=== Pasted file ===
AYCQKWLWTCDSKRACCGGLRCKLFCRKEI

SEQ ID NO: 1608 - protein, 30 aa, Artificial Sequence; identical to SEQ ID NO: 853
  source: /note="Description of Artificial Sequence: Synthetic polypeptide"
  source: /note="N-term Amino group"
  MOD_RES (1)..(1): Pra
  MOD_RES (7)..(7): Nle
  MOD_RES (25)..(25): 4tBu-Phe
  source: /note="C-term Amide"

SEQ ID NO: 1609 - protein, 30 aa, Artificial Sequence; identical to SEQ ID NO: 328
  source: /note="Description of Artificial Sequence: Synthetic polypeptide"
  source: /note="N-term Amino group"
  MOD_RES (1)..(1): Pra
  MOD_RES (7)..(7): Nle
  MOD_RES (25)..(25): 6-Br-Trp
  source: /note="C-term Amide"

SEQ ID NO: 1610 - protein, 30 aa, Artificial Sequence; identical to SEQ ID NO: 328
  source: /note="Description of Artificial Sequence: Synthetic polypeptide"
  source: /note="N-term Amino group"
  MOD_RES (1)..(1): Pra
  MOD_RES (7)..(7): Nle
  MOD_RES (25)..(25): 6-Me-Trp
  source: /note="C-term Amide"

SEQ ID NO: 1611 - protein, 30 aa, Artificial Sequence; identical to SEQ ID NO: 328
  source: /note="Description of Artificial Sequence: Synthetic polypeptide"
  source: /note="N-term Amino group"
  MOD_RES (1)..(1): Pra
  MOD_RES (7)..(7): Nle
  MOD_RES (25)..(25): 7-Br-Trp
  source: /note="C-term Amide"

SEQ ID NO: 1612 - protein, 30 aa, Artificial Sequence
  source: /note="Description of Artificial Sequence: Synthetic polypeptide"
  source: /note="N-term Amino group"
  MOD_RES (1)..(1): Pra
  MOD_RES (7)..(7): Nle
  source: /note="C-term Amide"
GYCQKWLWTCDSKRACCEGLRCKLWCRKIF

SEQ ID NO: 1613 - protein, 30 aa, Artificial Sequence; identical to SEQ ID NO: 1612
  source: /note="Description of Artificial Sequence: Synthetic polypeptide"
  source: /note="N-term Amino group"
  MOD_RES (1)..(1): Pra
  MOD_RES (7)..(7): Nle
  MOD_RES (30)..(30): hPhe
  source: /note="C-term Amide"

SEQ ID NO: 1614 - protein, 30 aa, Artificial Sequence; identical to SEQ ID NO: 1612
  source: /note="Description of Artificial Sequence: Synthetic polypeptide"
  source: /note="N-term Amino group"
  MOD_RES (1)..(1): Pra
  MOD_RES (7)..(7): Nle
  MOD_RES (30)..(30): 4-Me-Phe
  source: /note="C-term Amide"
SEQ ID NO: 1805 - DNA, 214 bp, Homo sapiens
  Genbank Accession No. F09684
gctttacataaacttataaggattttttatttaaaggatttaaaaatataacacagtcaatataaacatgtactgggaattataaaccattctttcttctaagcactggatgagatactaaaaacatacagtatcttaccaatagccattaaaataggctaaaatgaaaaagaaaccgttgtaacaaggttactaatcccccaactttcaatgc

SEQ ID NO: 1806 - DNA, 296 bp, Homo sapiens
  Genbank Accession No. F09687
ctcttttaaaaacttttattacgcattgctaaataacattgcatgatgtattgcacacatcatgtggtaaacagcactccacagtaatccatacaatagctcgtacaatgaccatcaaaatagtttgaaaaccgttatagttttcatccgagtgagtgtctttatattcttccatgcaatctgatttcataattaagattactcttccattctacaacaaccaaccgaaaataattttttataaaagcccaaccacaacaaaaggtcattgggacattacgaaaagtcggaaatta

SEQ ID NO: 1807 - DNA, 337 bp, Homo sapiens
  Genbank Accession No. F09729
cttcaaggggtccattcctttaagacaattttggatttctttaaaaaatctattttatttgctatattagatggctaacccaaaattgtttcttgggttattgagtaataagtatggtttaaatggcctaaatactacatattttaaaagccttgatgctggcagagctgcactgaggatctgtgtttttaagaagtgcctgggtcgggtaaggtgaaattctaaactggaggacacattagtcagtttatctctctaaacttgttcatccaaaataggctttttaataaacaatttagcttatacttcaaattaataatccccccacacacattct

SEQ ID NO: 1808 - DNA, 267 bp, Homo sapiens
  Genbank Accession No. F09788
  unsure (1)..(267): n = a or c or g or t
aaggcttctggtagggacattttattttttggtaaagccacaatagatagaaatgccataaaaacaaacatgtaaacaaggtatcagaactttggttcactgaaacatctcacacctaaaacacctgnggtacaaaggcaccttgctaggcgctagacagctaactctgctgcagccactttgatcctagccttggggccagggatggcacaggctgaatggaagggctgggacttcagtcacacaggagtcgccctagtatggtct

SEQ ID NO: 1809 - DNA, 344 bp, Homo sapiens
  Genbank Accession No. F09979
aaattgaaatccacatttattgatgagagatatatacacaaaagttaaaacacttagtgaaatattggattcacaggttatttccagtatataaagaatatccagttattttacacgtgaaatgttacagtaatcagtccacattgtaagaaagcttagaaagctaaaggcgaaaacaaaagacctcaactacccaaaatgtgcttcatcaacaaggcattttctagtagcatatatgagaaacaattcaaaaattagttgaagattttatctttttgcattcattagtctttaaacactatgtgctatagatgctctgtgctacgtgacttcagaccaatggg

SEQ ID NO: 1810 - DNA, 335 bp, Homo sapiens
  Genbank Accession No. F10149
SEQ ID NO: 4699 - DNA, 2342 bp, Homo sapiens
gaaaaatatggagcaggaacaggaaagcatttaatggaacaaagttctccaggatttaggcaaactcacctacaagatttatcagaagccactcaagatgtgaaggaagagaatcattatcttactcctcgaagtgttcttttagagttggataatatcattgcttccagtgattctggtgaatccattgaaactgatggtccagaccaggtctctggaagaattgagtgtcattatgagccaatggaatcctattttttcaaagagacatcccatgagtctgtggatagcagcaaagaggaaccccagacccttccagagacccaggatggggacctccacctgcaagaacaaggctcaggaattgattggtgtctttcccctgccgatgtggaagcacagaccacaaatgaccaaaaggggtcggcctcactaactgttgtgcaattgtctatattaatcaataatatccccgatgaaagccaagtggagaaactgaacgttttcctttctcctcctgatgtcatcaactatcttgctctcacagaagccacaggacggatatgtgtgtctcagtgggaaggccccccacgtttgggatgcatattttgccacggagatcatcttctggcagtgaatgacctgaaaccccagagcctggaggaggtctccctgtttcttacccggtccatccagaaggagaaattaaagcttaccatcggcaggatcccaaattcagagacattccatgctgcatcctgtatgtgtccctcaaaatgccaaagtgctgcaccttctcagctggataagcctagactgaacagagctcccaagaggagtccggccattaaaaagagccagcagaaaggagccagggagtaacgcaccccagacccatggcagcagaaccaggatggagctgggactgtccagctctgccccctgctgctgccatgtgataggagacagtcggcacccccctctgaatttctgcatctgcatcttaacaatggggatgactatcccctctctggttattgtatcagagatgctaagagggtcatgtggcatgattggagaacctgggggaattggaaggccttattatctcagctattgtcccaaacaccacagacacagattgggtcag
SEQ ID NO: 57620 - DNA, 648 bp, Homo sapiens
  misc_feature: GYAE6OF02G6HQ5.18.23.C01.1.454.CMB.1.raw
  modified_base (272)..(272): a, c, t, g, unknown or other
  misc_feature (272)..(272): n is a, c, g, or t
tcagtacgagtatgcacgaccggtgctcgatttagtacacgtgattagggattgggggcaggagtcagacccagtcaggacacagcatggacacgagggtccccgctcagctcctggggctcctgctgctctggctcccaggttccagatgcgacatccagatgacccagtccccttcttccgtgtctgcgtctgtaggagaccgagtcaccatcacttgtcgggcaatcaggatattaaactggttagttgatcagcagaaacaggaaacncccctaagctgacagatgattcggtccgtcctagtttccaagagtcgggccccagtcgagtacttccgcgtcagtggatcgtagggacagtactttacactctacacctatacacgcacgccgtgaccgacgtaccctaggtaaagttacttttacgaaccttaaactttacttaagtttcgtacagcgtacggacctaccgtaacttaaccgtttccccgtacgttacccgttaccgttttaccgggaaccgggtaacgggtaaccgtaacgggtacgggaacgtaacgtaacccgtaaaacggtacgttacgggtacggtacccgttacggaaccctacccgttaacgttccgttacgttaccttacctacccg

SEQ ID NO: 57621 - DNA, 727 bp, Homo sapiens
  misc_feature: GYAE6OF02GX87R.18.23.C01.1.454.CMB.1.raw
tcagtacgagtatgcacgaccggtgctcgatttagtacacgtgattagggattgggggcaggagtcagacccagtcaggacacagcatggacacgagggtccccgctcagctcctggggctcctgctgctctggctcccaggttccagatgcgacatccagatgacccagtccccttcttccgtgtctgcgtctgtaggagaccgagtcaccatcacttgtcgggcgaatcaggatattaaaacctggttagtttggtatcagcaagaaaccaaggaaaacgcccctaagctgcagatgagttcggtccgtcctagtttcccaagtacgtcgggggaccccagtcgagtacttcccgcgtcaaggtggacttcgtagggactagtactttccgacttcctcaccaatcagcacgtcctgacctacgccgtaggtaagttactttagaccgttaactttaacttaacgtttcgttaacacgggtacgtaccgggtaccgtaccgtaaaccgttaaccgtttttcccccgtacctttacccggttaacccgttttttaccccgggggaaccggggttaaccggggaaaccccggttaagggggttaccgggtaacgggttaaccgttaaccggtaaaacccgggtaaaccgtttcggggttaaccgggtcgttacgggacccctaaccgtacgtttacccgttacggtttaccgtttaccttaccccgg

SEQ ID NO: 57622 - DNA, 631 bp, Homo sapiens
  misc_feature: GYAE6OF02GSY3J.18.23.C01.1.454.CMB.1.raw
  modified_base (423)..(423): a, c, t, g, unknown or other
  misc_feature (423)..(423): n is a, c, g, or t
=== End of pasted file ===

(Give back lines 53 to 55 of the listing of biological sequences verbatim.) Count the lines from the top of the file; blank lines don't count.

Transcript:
gctttacataaacttataaggattttttatttaaaggatttaaaaatataacacagtcaatataaacatgtactgggaattataaaccattctttcttctaagcactggatgagatactaaaaacatacagtatcttaccaatagccattaaaataggctaaaatgaaaaagaaaccgttgtaacaaggttactaatcccccaactttcaatgc

SEQ ID NO: 1806 - DNA, 296 bp, Homo sapiens
  Genbank Accession No. F09687